British Hostage John Cantlie Appears in ISIS Magazine

Freelance British photojournalist John Cantlie poses with a Free Syrian Army rebel in Aleppo, Syria, on November 11, 2012. Cantlie has appeared in several ISIS propaganda videos delivering statements. He was kidnapped with American journalist James Foley in November 2012. Foley was killed by ISIS in August 2014. AP

British hostage John Cantlie appeared Wednesday in an issue of Dabiq, a propaganda magazine put out by the Islamic State militant group (ISIS).

Cantlie, a journalist who was kidnapped by ISIS in November 2012, has not been seen in the group's propaganda material since May 15, when an article under his byline appeared in the magazine. In the May article, Cantlie refers to events that happened in March, says Rita Katz, director of SITE Intelligence Group, a jihadi watchdog organization, implying a delay between the print date and when Cantlie allegedly wrote the piece.

"Cantlie became extremely popular among ISIS supporters, and even non-ISIS-supporting jihadis for that matter. This made Cantlie a very valuable but very complex asset for ISIS—much more so than other prisoners whom IS fighters and supporters would cheer to see killed," Katz tells Newsweek. "That stated, there would be a lot for ISIS to lose in killing Cantlie. However, ISIS is extremely unpredictable and is not adverse to making barbaric and horrifying decisions."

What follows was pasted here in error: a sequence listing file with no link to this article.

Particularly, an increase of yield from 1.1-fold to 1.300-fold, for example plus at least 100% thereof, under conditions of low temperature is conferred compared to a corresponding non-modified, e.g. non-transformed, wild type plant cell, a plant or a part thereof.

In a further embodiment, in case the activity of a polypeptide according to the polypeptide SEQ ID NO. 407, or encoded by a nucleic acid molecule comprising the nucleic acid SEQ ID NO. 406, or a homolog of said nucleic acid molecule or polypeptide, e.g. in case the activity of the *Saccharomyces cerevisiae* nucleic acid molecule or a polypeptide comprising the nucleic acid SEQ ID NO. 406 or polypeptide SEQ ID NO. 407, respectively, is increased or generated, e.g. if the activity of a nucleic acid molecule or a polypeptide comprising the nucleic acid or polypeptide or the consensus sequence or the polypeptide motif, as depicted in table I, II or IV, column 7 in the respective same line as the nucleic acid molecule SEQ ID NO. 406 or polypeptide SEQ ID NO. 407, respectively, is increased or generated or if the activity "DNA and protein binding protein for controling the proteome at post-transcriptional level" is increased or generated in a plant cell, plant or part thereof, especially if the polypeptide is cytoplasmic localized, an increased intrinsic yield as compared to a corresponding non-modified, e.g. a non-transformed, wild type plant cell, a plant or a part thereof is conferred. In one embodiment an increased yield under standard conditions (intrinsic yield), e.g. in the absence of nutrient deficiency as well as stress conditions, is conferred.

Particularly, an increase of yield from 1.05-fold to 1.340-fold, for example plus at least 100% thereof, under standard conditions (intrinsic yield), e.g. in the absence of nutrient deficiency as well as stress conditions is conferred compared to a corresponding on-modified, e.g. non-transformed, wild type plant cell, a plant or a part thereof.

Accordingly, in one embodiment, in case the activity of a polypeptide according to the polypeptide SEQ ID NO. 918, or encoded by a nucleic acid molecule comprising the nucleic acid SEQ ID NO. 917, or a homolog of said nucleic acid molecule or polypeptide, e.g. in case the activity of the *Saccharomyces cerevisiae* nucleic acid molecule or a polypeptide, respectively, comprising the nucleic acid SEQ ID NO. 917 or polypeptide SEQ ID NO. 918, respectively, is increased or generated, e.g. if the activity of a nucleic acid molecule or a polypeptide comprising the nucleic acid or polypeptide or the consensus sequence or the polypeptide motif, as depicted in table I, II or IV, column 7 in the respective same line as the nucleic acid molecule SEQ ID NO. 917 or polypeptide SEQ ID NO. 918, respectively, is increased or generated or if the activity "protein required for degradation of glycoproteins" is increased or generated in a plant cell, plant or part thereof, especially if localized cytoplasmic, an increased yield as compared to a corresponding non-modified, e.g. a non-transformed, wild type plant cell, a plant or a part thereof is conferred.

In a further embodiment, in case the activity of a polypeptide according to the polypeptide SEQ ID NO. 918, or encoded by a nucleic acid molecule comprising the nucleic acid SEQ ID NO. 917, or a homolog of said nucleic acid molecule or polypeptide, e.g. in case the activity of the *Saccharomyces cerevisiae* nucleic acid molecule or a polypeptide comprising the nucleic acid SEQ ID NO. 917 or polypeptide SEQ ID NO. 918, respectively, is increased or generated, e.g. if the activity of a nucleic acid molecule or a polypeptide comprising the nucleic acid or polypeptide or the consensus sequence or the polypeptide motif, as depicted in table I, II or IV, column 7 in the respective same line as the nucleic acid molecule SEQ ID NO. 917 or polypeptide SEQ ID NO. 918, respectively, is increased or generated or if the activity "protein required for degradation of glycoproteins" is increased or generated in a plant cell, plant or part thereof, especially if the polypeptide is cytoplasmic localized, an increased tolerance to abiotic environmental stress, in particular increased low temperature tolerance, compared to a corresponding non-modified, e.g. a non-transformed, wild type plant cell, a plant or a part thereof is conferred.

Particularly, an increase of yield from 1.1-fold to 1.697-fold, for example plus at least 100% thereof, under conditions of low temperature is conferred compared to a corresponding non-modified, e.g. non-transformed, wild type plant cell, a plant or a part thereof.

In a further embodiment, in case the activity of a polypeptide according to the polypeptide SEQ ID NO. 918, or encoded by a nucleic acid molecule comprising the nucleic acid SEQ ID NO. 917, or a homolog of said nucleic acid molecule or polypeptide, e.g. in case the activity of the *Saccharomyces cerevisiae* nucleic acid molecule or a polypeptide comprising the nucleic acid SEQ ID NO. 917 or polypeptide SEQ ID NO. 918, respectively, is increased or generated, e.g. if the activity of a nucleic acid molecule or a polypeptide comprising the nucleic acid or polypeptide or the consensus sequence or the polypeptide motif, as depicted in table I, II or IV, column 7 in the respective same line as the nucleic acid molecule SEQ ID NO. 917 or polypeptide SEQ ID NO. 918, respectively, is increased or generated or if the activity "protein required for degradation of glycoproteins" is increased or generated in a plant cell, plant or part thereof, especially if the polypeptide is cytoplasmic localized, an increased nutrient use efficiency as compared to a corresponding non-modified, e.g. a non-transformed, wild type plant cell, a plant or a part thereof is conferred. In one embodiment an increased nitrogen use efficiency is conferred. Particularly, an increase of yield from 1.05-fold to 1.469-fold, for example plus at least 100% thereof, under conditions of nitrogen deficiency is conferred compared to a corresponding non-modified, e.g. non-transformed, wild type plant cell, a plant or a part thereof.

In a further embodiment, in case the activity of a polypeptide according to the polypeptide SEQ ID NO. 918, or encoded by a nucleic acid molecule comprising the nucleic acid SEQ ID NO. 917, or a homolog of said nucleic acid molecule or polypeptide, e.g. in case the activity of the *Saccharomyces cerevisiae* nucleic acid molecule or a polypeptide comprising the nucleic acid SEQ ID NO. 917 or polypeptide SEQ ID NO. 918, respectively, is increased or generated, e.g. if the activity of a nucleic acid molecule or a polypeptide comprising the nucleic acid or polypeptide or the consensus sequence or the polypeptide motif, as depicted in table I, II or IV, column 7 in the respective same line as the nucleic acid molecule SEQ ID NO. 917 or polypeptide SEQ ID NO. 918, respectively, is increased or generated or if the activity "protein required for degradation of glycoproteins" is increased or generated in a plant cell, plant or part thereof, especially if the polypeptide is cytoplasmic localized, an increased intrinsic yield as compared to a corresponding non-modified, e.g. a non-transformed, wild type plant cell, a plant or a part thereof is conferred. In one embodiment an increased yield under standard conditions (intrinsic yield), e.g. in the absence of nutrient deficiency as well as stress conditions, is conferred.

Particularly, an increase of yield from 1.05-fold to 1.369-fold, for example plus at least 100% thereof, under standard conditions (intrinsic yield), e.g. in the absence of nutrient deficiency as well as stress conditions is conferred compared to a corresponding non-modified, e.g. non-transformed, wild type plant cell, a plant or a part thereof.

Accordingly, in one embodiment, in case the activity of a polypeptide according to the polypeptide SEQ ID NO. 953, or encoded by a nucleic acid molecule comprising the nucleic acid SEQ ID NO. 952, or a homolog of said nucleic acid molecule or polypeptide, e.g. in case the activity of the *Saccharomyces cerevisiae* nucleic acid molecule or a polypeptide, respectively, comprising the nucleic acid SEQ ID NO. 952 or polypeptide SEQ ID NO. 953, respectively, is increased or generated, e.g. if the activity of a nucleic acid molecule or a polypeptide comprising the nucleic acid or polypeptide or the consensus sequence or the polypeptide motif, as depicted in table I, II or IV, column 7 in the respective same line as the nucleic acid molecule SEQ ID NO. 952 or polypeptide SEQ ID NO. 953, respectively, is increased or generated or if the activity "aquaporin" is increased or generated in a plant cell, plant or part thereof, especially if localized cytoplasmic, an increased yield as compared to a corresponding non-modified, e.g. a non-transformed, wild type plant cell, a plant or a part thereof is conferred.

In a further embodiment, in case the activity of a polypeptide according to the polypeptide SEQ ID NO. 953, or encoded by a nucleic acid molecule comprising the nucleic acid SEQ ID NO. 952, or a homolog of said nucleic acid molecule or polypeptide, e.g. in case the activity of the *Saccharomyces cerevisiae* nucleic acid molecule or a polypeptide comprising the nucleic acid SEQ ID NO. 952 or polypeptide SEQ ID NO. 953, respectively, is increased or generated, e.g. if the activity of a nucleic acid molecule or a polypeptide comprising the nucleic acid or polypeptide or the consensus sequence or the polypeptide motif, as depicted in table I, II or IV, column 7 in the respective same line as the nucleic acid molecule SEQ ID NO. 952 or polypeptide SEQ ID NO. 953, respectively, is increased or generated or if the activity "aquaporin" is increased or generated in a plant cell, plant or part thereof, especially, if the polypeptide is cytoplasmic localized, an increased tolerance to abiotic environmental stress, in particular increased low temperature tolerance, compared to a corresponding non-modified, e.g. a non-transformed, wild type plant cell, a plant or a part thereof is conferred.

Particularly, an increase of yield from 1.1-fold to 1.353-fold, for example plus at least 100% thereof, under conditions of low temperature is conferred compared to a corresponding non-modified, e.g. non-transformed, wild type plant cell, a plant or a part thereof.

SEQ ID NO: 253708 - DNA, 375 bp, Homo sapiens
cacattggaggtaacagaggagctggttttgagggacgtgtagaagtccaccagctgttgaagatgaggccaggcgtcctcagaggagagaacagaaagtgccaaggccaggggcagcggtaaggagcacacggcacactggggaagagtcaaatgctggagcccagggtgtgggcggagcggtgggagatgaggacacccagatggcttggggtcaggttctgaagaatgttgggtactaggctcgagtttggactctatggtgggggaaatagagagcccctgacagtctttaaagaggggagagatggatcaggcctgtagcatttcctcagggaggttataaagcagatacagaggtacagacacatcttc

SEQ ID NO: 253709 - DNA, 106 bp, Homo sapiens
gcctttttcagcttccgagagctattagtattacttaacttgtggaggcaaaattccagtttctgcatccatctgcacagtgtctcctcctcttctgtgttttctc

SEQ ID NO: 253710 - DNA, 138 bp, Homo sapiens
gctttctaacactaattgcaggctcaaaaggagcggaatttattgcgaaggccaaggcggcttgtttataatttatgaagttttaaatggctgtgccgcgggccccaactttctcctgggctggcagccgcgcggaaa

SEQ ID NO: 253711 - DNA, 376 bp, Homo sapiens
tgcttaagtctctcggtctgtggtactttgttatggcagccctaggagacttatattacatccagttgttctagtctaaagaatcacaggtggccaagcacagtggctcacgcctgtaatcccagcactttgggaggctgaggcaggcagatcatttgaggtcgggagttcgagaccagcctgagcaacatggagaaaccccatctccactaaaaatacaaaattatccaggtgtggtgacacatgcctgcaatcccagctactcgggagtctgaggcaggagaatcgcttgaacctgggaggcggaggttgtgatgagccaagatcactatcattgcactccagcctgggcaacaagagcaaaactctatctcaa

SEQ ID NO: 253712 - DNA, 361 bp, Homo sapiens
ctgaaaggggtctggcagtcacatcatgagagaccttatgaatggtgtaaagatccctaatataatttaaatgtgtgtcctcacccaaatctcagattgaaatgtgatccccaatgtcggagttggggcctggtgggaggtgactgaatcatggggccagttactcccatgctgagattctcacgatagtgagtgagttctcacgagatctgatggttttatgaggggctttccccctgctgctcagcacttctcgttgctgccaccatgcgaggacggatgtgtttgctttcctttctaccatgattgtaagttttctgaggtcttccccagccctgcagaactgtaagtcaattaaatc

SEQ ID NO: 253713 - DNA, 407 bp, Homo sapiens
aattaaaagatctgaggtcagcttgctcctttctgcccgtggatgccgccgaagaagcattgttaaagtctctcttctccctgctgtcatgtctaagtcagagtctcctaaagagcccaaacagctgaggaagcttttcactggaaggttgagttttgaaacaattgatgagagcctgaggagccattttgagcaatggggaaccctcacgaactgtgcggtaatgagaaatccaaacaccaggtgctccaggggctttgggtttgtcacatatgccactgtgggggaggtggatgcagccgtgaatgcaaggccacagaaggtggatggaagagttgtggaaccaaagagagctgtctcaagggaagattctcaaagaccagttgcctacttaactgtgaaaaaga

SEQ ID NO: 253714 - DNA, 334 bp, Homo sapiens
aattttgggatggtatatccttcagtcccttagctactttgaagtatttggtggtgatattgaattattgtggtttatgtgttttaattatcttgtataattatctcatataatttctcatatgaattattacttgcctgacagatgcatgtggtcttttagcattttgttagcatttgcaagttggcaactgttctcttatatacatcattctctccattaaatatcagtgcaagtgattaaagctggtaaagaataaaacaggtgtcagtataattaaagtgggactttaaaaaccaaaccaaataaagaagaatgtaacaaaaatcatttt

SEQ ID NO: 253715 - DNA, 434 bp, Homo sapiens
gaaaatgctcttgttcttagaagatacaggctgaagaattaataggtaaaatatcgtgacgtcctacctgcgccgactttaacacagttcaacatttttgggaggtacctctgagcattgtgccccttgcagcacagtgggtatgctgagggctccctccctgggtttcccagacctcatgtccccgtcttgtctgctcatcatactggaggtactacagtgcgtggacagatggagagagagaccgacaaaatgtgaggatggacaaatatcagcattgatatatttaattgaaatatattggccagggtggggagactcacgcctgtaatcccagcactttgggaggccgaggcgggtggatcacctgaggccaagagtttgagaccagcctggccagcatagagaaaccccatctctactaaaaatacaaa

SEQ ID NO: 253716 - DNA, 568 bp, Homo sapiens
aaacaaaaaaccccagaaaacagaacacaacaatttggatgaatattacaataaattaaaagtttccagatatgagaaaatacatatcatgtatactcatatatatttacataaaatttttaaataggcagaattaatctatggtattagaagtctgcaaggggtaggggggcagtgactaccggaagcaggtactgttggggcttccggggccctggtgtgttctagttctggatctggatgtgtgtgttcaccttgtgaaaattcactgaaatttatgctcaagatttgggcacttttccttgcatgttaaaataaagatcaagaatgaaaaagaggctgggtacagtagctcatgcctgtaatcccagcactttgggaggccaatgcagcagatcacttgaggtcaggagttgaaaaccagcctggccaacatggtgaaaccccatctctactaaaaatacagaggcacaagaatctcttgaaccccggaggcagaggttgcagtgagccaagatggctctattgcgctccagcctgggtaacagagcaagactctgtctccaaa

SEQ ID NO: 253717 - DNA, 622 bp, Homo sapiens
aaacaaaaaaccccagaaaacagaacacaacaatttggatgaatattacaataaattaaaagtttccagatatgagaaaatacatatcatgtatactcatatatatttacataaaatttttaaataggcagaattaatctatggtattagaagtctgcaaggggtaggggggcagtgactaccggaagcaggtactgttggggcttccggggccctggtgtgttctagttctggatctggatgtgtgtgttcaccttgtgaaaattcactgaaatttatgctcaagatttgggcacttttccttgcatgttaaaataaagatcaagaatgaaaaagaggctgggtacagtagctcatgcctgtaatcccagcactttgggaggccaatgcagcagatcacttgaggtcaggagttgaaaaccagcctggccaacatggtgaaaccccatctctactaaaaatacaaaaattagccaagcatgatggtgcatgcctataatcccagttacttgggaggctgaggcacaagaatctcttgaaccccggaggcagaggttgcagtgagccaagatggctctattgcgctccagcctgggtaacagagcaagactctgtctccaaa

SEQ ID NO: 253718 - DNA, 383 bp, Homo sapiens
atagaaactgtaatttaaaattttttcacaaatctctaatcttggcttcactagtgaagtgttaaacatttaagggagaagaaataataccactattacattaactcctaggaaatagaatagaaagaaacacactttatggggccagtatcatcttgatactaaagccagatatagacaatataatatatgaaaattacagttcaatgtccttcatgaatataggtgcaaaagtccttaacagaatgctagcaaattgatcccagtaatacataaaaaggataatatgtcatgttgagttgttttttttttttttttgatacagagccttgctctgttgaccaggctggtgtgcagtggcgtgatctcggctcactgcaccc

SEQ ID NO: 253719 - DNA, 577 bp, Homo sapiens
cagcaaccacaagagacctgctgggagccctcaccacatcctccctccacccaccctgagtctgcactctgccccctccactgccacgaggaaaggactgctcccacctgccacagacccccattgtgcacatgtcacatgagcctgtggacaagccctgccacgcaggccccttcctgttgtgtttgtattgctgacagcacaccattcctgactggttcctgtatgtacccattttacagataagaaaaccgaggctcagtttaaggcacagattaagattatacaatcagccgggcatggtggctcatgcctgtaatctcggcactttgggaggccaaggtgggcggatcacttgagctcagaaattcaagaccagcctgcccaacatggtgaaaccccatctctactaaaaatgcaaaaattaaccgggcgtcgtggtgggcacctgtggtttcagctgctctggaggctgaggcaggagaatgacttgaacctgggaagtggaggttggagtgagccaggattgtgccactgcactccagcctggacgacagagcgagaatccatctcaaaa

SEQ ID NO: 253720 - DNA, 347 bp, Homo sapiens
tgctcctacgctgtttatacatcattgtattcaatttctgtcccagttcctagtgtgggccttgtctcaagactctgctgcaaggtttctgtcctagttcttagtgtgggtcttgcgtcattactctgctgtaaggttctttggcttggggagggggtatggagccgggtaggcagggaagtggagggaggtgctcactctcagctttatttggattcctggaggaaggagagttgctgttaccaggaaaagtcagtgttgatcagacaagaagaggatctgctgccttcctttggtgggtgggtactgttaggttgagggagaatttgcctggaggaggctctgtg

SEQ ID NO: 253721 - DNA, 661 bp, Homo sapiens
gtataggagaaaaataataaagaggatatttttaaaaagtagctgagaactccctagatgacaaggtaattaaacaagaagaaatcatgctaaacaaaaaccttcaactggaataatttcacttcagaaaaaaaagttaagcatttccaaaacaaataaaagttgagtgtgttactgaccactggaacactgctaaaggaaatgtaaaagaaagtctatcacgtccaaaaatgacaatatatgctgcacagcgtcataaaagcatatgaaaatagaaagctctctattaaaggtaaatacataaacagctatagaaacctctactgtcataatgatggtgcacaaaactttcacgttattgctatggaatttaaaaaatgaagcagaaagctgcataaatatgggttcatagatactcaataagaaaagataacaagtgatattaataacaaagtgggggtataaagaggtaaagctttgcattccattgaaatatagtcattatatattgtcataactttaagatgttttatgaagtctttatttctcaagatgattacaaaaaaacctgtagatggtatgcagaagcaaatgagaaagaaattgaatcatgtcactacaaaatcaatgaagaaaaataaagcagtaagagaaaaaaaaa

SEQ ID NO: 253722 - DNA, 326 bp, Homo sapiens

Because of his popularity, it was surprising when Cantlie suddenly stopped appearing in the group's videos and magazines. In some videos, Cantlie appeared free, walking around ISIS-held territories showing day-to-day life in the area. In others, he wore an orange robe and sat in a dark room, apparently reading from a script. The robe was similar to those other Western hostages wore in their execution videos. In this issue of Dabiq, he appears in a yellow robe, much like a prisoner again. According to Katz, he references events that occurred in August.

Photojournalist John Cantlie, held captive by ISIS, appears in an issue of an ISIS magazine next to an article the militant group says was penned by him. The piece tells the West to recognize ISIS territory as a legitimate state and declare a truce. ISIS propaganda

The latest article the group attributes to Cantlie in the magazine is titled "Shift: Paradigm Part II." The piece, which may or may not have been written by the hostage, discusses the ISIS caliphate, its currency and Sharia courts. "Meanwhile the Gulf states all around are in turmoil. They are broken by religious differences and fractured by ancient tribal feuds," the piece says. It also references an article published in Britain's Daily Telegraph in June.

Had Cantlie been killed in an airstrike, Katz hypothesizes, the group may have used his death to its advantage. "It would make sense that the Islamic State would want to exploit his death as a way to condemn the anti-ISIS coalition. We can speculate what might have happened, but there are no answers as of yet," she explains.

In the past, ISIS has demanded high ransom amounts for Western hostages. The United Kingdom, along with the United States, declines to pay ransom to extremist groups.